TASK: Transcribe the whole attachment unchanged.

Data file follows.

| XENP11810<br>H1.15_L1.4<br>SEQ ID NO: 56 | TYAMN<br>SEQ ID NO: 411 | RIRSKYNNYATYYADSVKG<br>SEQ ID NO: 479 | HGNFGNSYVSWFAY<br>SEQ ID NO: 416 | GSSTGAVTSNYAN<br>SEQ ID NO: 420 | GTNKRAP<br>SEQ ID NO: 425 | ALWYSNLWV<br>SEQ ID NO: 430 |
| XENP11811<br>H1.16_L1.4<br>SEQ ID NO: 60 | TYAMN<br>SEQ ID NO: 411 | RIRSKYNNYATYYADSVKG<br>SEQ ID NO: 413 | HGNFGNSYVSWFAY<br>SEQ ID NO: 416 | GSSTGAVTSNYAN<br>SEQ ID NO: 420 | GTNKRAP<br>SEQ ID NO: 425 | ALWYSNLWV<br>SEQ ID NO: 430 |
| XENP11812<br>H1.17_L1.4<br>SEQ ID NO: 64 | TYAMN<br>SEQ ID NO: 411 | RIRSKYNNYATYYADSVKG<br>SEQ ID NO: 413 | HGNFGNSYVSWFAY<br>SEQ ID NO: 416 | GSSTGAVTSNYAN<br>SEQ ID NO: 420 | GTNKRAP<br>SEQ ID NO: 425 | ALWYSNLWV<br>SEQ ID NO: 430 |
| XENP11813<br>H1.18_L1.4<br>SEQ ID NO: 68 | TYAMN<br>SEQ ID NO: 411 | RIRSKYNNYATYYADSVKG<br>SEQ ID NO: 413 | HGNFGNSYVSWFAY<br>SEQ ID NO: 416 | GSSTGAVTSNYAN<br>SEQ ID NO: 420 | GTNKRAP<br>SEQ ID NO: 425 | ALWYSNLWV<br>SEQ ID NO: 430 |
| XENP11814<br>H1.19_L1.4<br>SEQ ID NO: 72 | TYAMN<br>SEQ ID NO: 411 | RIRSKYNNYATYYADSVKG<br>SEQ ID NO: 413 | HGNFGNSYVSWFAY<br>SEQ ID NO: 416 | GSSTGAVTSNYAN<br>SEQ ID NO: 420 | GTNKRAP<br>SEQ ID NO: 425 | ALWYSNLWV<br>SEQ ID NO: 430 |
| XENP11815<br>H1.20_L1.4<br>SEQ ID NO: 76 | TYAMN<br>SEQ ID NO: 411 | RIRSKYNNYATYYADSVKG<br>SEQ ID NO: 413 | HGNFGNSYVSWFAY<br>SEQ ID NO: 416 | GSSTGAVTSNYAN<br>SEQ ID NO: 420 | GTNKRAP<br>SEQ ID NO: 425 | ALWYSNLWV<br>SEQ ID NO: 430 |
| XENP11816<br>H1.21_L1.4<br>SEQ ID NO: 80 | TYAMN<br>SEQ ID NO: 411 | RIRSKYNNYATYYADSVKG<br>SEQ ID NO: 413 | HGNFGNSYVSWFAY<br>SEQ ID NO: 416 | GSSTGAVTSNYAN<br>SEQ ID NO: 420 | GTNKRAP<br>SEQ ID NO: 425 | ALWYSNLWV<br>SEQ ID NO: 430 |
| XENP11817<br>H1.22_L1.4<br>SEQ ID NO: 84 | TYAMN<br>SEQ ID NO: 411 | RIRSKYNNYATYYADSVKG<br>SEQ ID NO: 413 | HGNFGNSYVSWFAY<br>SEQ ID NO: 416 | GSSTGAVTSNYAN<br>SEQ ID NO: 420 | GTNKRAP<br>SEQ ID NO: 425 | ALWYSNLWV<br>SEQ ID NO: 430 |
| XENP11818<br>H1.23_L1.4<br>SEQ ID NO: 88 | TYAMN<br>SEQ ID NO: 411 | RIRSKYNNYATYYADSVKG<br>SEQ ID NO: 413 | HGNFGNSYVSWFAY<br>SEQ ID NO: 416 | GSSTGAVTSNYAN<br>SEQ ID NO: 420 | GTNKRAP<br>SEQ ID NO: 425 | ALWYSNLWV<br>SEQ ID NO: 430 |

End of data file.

| XENP11810<br>H1.15_L1.4<br>SEQ ID NO: 56 | TYAMN<br>SEQ ID NO: 411 | RIRSKYNNYATYYADSVKG<br>SEQ ID NO: 479 | HGNFGNSYVSWFAY<br>SEQ ID NO: 416 | GSSTGAVTSNYAN<br>SEQ ID NO: 420 | GTNKRAP<br>SEQ ID NO: 425 | ALWYSNLWV<br>SEQ ID NO: 430 |
| XENP11811<br>H1.16_L1.4<br>SEQ ID NO: 60 | TYAMN<br>SEQ ID NO: 411 | RIRSKYNNYATYYADSVKG<br>SEQ ID NO: 413 | HGNFGNSYVSWFAY<br>SEQ ID NO: 416 | GSSTGAVTSNYAN<br>SEQ ID NO: 420 | GTNKRAP<br>SEQ ID NO: 425 | ALWYSNLWV<br>SEQ ID NO: 430 |
| XENP11812<br>H1.17_L1.4<br>SEQ ID NO: 64 | TYAMN<br>SEQ ID NO: 411 | RIRSKYNNYATYYADSVKG<br>SEQ ID NO: 413 | HGNFGNSYVSWFAY<br>SEQ ID NO: 416 | GSSTGAVTSNYAN<br>SEQ ID NO: 420 | GTNKRAP<br>SEQ ID NO: 425 | ALWYSNLWV<br>SEQ ID NO: 430 |
| XENP11813<br>H1.18_L1.4<br>SEQ ID NO: 68 | TYAMN<br>SEQ ID NO: 411 | RIRSKYNNYATYYADSVKG<br>SEQ ID NO: 413 | HGNFGNSYVSWFAY<br>SEQ ID NO: 416 | GSSTGAVTSNYAN<br>SEQ ID NO: 420 | GTNKRAP<br>SEQ ID NO: 425 | ALWYSNLWV<br>SEQ ID NO: 430 |
| XENP11814<br>H1.19_L1.4<br>SEQ ID NO: 72 | TYAMN<br>SEQ ID NO: 411 | RIRSKYNNYATYYADSVKG<br>SEQ ID NO: 413 | HGNFGNSYVSWFAY<br>SEQ ID NO: 416 | GSSTGAVTSNYAN<br>SEQ ID NO: 420 | GTNKRAP<br>SEQ ID NO: 425 | ALWYSNLWV<br>SEQ ID NO: 430 |
| XENP11815<br>H1.20_L1.4<br>SEQ ID NO: 76 | TYAMN<br>SEQ ID NO: 411 | RIRSKYNNYATYYADSVKG<br>SEQ ID NO: 413 | HGNFGNSYVSWFAY<br>SEQ ID NO: 416 | GSSTGAVTSNYAN<br>SEQ ID NO: 420 | GTNKRAP<br>SEQ ID NO: 425 | ALWYSNLWV<br>SEQ ID NO: 430 |
| XENP11816<br>H1.21_L1.4<br>SEQ ID NO: 80 | TYAMN<br>SEQ ID NO: 411 | RIRSKYNNYATYYADSVKG<br>SEQ ID NO: 413 | HGNFGNSYVSWFAY<br>SEQ ID NO: 416 | GSSTGAVTSNYAN<br>SEQ ID NO: 420 | GTNKRAP<br>SEQ ID NO: 425 | ALWYSNLWV<br>SEQ ID NO: 430 |
| XENP11817<br>H1.22_L1.4<br>SEQ ID NO: 84 | TYAMN<br>SEQ ID NO: 411 | RIRSKYNNYATYYADSVKG<br>SEQ ID NO: 413 | HGNFGNSYVSWFAY<br>SEQ ID NO: 416 | GSSTGAVTSNYAN<br>SEQ ID NO: 420 | GTNKRAP<br>SEQ ID NO: 425 | ALWYSNLWV<br>SEQ ID NO: 430 |
| XENP11818<br>H1.23_L1.4<br>SEQ ID NO: 88 | TYAMN<br>SEQ ID NO: 411 | RIRSKYNNYATYYADSVKG<br>SEQ ID NO: 413 | HGNFGNSYVSWFAY<br>SEQ ID NO: 416 | GSSTGAVTSNYAN<br>SEQ ID NO: 420 | GTNKRAP<br>SEQ ID NO: 425 | ALWYSNLWV<br>SEQ ID NO: 430 |